JAMES MELVILLE. 17
demanded that any one who could make a charge against him should stand forward and give him an opportunity of vindicating himself before his sovereign. No one appeared. Melville was admitted to a long interview in the king's cabinet ; and " thus," says he, " I that came to Stirling the traitor, returned to Edinburgh a great courtier, yea a cabinet councillor."
At the opening of the General Assembly in 1590, James Melville preached. After the usual exordium, he insisted on the necessity of maintaining the strict- est discipline, he recalled to the memory of his audience the history of their country since the Reformation, the original purity of the church, and admonished them of its begun decline, the brethren were warned of the practices of " the belly-god bishops of England ;" and the people were exhorted to a more zealous support of the ecclesiastical establishment, and to a more liberal communication of temporal things to their ministers; lastly, he recommended a supplication to the king, for a free and full assembly, to be held in the royal presence, for the suppression of papists and sacrilegious persons. The activity of Melville, and indeed of the ministers generally, against the catholics, must be considered as one of the least defensible parts of their conduct. We are aware that those who believe religion to be supported by works of man's device, will find strong palliations for their actions in their peculiar circumstances ; and we do not mean to deny, that when the popish lords trafficked with foreign powers for the sub- version of the civil and religious institutions of the country, the government did right in bringing them to account. They then became clearly guilty of a civil offence, and were justly amenable for it to the secular courts. But when the catholics were hunted down for the mere piofession of their reli- gion, when their attachment to their opinions was considered the mere ef- fect of obstinacy, and thus worthy to be visited with the highest pains, the protestants reduced themselves to the same inconsistency with which they so justly charged their adversaries. If it be urged in defence, that their religion was in danger, we reply, that the conduct of the catholics, previous to the Keformation, was equally defensible on the very same grounds. In both cases was the church of the parties in imminent hazard ; and, if we defend the at- tempt of one party to support theirs by the civil power, with what justice can we condemn the other ? A remarkable passage occurs in the account which friar Ogilvie (a Jesuit, who was executed at Glasgow in 1615) has left of his trial. His examinators accused the kings of France and Spain of extermi- nating the protestants. Ogilvie immediately replied : Neither has Francis ban- ished, nor Philip burned protestants on account of religion, but on account of heresy, which is not religion but rebellion? Here, then, is the rock upon which both parties split, that of considering it a crime to hold certain religious opinions. Both parties were in turn equally zealous in propagating their ideas, both were justifiable in doing so, and both equally unjustifiable in their absurd attempts to control the workings of the human mind. Truth, which all parties seem convinced is on their side, must and shall prevail, and the intolerant zeal of man can only prove its own folly and its wickedness. We return to the nar- rative.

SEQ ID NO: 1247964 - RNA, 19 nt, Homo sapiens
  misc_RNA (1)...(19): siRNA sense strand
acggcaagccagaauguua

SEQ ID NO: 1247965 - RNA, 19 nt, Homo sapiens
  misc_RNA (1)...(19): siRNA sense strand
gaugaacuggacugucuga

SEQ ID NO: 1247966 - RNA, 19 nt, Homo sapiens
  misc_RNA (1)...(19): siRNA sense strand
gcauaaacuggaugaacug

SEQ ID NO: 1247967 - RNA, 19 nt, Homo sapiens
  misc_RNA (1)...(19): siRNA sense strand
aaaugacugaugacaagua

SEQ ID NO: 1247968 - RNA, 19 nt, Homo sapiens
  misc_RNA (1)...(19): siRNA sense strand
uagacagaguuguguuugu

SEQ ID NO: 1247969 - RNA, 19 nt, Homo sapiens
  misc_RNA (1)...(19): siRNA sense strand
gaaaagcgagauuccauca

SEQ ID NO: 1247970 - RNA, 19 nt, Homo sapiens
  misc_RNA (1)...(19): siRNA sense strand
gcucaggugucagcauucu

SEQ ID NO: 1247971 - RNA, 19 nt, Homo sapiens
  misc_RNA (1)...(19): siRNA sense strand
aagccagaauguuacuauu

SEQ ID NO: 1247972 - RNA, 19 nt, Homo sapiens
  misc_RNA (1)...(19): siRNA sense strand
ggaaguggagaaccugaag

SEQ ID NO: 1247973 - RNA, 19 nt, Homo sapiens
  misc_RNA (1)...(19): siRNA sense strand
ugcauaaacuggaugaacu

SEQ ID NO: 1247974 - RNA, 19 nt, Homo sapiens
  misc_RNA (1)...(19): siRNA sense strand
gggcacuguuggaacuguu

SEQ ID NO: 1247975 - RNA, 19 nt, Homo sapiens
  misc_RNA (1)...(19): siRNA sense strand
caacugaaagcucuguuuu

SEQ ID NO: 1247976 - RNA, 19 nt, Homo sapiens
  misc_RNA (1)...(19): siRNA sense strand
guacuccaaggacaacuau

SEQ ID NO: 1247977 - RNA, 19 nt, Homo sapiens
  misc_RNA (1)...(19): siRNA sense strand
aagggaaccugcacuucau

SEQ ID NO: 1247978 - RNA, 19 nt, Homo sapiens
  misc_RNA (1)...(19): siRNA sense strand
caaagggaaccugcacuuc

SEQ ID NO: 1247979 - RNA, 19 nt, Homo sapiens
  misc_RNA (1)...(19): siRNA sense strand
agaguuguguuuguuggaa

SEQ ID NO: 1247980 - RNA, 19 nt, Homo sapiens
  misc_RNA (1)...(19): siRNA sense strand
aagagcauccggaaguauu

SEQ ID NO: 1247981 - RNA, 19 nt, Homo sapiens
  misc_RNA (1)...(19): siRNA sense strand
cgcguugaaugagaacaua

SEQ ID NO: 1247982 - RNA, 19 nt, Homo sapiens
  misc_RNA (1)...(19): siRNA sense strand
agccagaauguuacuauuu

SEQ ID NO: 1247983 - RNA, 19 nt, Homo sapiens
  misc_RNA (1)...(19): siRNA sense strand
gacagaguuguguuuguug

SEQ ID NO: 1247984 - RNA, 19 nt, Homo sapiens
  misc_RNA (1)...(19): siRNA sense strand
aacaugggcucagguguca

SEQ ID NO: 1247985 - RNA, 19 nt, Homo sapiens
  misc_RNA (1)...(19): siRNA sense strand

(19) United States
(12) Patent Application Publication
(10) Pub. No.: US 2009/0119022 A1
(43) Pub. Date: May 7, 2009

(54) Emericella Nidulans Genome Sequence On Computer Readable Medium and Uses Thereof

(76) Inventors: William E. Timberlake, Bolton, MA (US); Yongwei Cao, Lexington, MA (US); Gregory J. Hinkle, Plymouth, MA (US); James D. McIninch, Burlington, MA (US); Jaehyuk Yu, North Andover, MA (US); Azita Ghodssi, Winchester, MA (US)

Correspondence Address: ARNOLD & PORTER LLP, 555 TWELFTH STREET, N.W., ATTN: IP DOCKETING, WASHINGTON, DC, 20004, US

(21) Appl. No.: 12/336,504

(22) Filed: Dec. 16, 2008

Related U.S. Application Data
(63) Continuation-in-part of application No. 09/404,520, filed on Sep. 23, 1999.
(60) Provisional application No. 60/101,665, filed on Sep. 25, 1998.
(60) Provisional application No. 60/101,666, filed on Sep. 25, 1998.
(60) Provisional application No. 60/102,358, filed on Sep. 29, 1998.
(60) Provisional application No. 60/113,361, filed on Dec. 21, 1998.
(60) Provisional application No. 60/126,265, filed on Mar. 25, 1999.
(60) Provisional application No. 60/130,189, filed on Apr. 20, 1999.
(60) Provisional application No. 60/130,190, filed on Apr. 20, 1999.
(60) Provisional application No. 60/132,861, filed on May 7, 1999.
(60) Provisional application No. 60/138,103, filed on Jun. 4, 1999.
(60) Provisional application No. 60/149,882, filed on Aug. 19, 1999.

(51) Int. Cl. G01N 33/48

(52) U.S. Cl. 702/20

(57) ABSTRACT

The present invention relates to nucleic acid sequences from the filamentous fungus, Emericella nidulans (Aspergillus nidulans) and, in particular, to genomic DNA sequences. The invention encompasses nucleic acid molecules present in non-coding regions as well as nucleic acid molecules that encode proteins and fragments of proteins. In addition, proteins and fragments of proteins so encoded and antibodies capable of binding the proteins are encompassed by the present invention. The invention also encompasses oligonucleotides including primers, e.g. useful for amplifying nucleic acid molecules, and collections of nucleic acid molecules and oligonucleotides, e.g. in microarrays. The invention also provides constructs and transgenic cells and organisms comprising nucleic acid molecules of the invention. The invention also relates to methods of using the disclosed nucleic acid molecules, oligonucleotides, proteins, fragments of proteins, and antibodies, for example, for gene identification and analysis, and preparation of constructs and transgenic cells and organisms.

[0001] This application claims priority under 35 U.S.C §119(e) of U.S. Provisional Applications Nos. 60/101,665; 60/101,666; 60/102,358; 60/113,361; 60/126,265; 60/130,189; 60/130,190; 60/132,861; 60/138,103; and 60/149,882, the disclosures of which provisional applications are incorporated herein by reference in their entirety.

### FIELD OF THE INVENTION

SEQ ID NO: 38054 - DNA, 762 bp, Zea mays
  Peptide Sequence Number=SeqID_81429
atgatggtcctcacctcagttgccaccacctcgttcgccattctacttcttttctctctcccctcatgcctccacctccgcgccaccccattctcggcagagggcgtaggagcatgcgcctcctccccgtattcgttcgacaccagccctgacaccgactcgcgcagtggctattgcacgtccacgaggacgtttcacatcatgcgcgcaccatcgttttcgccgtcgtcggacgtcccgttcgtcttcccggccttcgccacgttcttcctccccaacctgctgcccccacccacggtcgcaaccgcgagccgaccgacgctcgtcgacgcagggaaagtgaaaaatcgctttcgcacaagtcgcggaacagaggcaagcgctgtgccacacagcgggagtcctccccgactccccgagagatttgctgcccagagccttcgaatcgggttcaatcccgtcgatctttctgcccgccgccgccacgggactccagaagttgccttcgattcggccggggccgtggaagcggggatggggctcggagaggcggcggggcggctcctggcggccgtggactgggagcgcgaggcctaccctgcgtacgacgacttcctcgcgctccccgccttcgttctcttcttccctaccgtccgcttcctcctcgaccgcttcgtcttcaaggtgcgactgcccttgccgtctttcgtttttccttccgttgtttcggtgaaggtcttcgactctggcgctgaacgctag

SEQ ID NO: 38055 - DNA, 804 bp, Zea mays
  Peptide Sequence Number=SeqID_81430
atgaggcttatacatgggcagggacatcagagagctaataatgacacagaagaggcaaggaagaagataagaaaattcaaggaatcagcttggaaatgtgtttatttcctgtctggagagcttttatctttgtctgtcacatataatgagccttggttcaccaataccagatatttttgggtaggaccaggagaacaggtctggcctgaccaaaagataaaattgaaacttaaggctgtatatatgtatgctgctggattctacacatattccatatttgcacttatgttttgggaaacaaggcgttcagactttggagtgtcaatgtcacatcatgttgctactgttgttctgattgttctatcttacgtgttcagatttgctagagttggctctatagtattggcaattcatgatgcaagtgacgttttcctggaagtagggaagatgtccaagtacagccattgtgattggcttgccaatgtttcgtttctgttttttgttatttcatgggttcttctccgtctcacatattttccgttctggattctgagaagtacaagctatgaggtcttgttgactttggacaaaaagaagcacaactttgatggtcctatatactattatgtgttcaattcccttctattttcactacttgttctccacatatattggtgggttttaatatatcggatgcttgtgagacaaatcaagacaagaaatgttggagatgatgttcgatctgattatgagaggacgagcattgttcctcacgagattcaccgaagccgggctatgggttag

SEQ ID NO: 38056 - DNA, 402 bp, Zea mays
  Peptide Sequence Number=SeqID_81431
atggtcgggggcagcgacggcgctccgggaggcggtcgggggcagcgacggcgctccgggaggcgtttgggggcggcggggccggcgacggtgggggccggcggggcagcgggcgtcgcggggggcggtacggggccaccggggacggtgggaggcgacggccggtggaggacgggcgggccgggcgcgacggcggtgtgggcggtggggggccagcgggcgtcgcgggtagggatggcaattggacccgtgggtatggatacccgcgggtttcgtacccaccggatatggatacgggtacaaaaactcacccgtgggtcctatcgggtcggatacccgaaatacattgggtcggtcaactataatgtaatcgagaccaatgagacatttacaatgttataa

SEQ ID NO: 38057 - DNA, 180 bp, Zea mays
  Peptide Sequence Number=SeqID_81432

When the king, in October, 1594, determined on opposing the popish lords in person, he was accompanied at his own request by the two Melvilles and two other ministers. Following the Highland system of warfare, these noblemen retired into their fastnesses ; and . the royal forces, after doing little more than displaying themselves, were ready to disperse, for want of pay. In this
2 Relatio lucarcerationis et MarUrii P. Joaiinis Ogilbei, &c., Duad, 1615, p. 24. This is, of course, the Roman Catholic account. Ogilvie's trial, and a reprint of the Protestant ac- count of it set forth at the time, will be found in Pitcairn's Criminal Trials, rv. c